The Whispering Skull, by Jonathan Stroud, was published in 2014 by Hyperion. It is the sequel to The Screaming Staircase.
In the six months since Anthony, Lucy, and George survived a night in the most haunted house in England, Lockwood & Co. hasn’t made much progress. Quill Kipps and his team of Fittes agents keep swooping in on Lockwood’s investigations, which is creating a bit of tension back home at Portland Row. Things look up when a new client, Mr. Saunders, hires Lockwood & Co. to be present at the exhumation of Edmund Bickerstaff, a doctor who, in Victorian times, purportedly tried to communicate with the dead. Saunders needs the coffin sealed with silver to prevent any supernatural trouble. All goes well—until George’s curiosity attracts a horrible phantom. That isn’t the only chaos that follows the phantom’s release. Inspector Barnes of DEPRAC informs Lockwood and Kipps that Bickerstaff’s coffin has been raided and a strange glass object has been stolen. He believes the relic to be highly dangerous, and he wants it found. Meanwhile, Lucy is distracted by urgent whispers coming from the skull in the ghost jar…
The Whispering Skull has great suspense and creepiness to it; it’s basically a really good ghost story. There’s some more development for the characters, which I liked; I liked that Lockwood & Co.’s relationship was tested and that they had to work out some things. It made them seem less two-dimensional.
I also really enjoyed the writing; there are several moments in the book where Stroud does situational humor through his writing, through his descriptions of things. Like when someone mentions the name of the rumored killer “Jack Carver” and a flock of crows bursts from the trees. There’s also a lot of humorous dialogue, and not all of it comes from George, the designated Wise Cracker. And the book as a whole is really entertaining.
However, I’m still less than impressed by the characters. None of them have really done anything to make them stand out very much. I don’t like the “tantalizing mystery” surrounding Lockwood, George doesn’t do much besides be the comic relief, and as a viewpoint character Lucy is really flat. She gets a little development with her interactions with the skull, but still. I don’t understand her character. Both she and George completely revolve around Lockwood and it’s annoying. What I hope will happen is that Lockwood & Co. gets a new team member (preferably female) in the next book, because right now they really need it. (Note from the future: They totally are! Yes! Thank you, Stroud!)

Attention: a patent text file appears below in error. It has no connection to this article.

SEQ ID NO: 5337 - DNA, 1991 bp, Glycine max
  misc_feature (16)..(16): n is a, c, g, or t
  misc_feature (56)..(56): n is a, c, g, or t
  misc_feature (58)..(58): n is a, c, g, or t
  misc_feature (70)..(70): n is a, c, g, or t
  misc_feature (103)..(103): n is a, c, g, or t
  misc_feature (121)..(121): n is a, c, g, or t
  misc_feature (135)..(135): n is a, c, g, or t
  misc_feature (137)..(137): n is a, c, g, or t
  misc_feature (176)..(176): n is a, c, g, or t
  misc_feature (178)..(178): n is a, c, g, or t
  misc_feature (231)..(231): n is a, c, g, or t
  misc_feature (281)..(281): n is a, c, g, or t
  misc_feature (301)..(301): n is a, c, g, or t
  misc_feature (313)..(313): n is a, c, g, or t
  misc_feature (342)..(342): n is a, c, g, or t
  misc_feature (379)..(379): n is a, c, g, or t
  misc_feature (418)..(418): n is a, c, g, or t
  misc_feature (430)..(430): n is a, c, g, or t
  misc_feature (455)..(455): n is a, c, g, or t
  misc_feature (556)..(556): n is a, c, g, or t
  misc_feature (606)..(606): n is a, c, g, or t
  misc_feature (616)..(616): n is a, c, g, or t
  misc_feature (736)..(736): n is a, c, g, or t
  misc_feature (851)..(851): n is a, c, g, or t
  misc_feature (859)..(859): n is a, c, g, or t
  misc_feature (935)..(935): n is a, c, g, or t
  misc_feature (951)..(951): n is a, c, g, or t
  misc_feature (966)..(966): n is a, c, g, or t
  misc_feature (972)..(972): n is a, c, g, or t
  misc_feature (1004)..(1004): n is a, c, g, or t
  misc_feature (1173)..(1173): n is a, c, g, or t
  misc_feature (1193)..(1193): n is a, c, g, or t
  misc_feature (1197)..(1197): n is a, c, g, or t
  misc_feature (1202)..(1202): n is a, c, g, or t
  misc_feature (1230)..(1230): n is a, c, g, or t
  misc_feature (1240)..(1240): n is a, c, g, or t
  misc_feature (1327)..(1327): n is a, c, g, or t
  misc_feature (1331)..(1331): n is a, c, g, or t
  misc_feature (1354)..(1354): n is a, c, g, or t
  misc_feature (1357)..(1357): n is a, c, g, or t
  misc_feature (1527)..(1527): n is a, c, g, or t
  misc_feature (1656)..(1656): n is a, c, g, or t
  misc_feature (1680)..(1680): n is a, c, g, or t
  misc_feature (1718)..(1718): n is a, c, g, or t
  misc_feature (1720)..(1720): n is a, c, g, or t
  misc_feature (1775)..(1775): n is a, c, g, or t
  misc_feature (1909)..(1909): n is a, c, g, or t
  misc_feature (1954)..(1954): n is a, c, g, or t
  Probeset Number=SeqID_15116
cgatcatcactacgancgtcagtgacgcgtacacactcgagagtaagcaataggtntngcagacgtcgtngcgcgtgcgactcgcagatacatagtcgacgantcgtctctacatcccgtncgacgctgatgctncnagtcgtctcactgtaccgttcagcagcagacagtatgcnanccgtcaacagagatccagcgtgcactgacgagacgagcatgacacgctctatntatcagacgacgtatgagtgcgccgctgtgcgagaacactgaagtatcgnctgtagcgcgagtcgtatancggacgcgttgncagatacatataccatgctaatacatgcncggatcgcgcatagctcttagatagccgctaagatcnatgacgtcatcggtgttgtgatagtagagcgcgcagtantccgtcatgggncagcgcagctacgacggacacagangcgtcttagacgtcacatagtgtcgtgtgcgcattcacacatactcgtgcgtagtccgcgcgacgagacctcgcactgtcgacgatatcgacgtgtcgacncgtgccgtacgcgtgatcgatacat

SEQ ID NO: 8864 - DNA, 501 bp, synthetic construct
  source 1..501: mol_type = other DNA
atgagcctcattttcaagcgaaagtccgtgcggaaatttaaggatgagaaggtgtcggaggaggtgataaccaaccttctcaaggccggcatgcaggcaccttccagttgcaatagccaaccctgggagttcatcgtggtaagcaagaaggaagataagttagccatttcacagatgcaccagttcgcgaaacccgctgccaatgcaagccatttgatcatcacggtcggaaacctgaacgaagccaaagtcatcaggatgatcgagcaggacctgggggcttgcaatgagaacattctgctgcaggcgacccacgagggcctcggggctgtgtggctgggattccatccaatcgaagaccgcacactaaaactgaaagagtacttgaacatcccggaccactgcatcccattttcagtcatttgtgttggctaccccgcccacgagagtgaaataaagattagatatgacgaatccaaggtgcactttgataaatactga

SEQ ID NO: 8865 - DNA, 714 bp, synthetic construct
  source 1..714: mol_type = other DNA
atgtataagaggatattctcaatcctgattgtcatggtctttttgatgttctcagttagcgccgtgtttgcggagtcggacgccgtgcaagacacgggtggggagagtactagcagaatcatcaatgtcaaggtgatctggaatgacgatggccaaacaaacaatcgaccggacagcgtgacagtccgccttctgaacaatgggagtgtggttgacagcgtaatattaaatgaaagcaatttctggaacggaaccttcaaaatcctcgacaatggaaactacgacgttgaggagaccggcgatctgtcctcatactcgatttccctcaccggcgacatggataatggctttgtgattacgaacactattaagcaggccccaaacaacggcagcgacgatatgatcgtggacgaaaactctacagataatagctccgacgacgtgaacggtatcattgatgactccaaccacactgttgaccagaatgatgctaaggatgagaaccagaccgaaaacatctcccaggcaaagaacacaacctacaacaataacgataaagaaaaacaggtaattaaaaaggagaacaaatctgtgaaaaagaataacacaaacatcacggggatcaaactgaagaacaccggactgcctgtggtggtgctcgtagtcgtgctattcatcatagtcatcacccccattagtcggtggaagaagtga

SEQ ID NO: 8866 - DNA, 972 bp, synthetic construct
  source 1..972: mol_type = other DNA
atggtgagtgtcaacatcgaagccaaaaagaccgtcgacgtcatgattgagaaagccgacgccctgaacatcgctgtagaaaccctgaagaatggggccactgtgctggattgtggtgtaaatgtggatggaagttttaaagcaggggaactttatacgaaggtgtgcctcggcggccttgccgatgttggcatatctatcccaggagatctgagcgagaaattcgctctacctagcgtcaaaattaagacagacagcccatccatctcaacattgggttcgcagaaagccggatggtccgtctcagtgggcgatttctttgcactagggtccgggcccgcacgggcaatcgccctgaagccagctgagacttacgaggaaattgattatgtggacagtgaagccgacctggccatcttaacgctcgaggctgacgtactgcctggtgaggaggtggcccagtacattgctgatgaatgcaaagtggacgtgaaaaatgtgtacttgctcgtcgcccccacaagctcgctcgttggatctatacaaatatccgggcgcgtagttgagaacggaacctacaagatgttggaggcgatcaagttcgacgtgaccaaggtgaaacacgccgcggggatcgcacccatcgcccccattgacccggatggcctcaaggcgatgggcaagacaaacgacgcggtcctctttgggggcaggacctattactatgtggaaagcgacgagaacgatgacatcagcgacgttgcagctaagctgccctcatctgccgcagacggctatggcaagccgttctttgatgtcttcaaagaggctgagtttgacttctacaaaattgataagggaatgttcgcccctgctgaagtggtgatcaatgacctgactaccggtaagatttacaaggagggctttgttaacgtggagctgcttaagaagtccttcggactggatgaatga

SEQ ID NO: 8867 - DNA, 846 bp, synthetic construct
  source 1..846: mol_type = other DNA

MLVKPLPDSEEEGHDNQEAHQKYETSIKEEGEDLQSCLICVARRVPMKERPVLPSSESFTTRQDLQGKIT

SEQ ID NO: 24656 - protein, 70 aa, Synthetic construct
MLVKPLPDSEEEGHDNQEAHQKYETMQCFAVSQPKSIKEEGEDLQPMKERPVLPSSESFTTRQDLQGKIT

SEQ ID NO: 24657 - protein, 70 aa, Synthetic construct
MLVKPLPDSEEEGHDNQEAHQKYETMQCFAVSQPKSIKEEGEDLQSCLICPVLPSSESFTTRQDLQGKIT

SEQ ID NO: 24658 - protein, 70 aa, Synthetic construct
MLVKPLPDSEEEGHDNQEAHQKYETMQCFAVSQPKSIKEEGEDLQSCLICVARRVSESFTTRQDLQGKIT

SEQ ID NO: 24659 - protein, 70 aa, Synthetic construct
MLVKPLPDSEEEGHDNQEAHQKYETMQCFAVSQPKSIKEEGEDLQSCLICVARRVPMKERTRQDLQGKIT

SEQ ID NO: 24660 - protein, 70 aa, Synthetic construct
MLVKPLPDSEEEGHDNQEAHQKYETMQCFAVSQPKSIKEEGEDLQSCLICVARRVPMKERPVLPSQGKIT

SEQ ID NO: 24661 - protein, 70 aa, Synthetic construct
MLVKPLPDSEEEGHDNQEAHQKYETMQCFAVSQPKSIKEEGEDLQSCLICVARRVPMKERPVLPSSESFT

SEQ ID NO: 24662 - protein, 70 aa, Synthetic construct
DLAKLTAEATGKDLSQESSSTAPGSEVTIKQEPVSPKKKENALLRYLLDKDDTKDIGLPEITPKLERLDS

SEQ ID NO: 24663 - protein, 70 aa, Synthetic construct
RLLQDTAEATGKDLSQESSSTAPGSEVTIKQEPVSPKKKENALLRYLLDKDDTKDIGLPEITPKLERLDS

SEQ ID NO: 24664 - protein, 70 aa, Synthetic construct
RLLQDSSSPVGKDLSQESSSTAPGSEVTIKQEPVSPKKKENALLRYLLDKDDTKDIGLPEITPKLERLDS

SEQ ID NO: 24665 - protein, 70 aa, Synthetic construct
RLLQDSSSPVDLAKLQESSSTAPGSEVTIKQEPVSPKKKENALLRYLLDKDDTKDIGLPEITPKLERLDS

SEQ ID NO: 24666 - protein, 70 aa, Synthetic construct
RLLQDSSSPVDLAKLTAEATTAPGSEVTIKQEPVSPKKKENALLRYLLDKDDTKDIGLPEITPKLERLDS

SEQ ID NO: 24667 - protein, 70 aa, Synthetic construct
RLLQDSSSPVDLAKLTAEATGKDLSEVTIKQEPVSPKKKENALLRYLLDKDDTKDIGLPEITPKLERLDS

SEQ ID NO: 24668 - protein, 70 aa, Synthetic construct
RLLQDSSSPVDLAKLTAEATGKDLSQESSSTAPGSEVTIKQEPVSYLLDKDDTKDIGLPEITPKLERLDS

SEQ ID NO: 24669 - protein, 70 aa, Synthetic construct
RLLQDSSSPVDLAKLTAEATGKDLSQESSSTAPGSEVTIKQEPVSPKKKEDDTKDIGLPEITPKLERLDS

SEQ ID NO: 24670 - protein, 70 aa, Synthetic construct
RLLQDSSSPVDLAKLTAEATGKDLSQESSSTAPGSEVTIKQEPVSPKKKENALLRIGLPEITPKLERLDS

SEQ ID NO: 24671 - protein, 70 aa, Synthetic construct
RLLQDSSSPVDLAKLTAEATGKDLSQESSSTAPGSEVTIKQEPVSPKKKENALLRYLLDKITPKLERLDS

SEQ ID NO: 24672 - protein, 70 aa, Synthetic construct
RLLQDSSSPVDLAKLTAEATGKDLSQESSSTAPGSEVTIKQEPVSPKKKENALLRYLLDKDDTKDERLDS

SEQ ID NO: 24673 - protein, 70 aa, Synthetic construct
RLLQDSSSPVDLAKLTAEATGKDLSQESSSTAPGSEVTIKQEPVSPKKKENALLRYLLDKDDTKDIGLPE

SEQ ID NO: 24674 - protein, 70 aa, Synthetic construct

Four more little things bothered me: 1.) it was too unbelievable that the skull in the jar that George happened to pick up just happened to be connected to the case. 2.) The “villain” was really obvious due to Stroud’s almost over-description of him every time he appeared 3.) The ending was a cliffhanger and I hated it. 4.) I didn’t like how almost every character besides the Main Trio were described in unflattering terms.
Recommended Age Range: 14+
Warnings: Ghosts and ghouls, scary situations and imagery.
Genre: Supernatural, Mystery, Young Adult (maybe mature Middle Grade if they can handle scary)
“Can you describe them?”
“One, not so much,” the kid said. “Plump bloke, blond hair, scritty mustache. Young, wears black. Name of Duane Neddles.”
George made a skeptical noise that sounded like gas escaping from a rhino. “Duane Neddles? Oh, he sounds scary. Sure you’re not making this up?”
“And the other?” Lockwood called.
The kid hesitated. “He’s got a reputation. A killer. They say he bumped off a rival during a job last year. Maybe I shouldn’t…”
Lockwood stopped short. “It was a team of two last night that bashed your colleague,” he said. “Let’s say one was Neddles. Who was the other?”
The kid leaned close, spoke softly. “They call him Jack Carver.”
A group of crows rose squalling from the gravestones. Wings cracking, they circled against the sky and flew off over the trees.
The Whispering Skull was deliciously spooky and wonderfully entertaining—but that’s about all it was. I still think the characters are flat and generic, and Lucy particularly, being a first-person narrator, needs some work. There were a number of other small things in the book that bothered me, to the extent where I enjoyed the book, but was annoyed with it at the same time.
You can buy this here:The Whispering Skull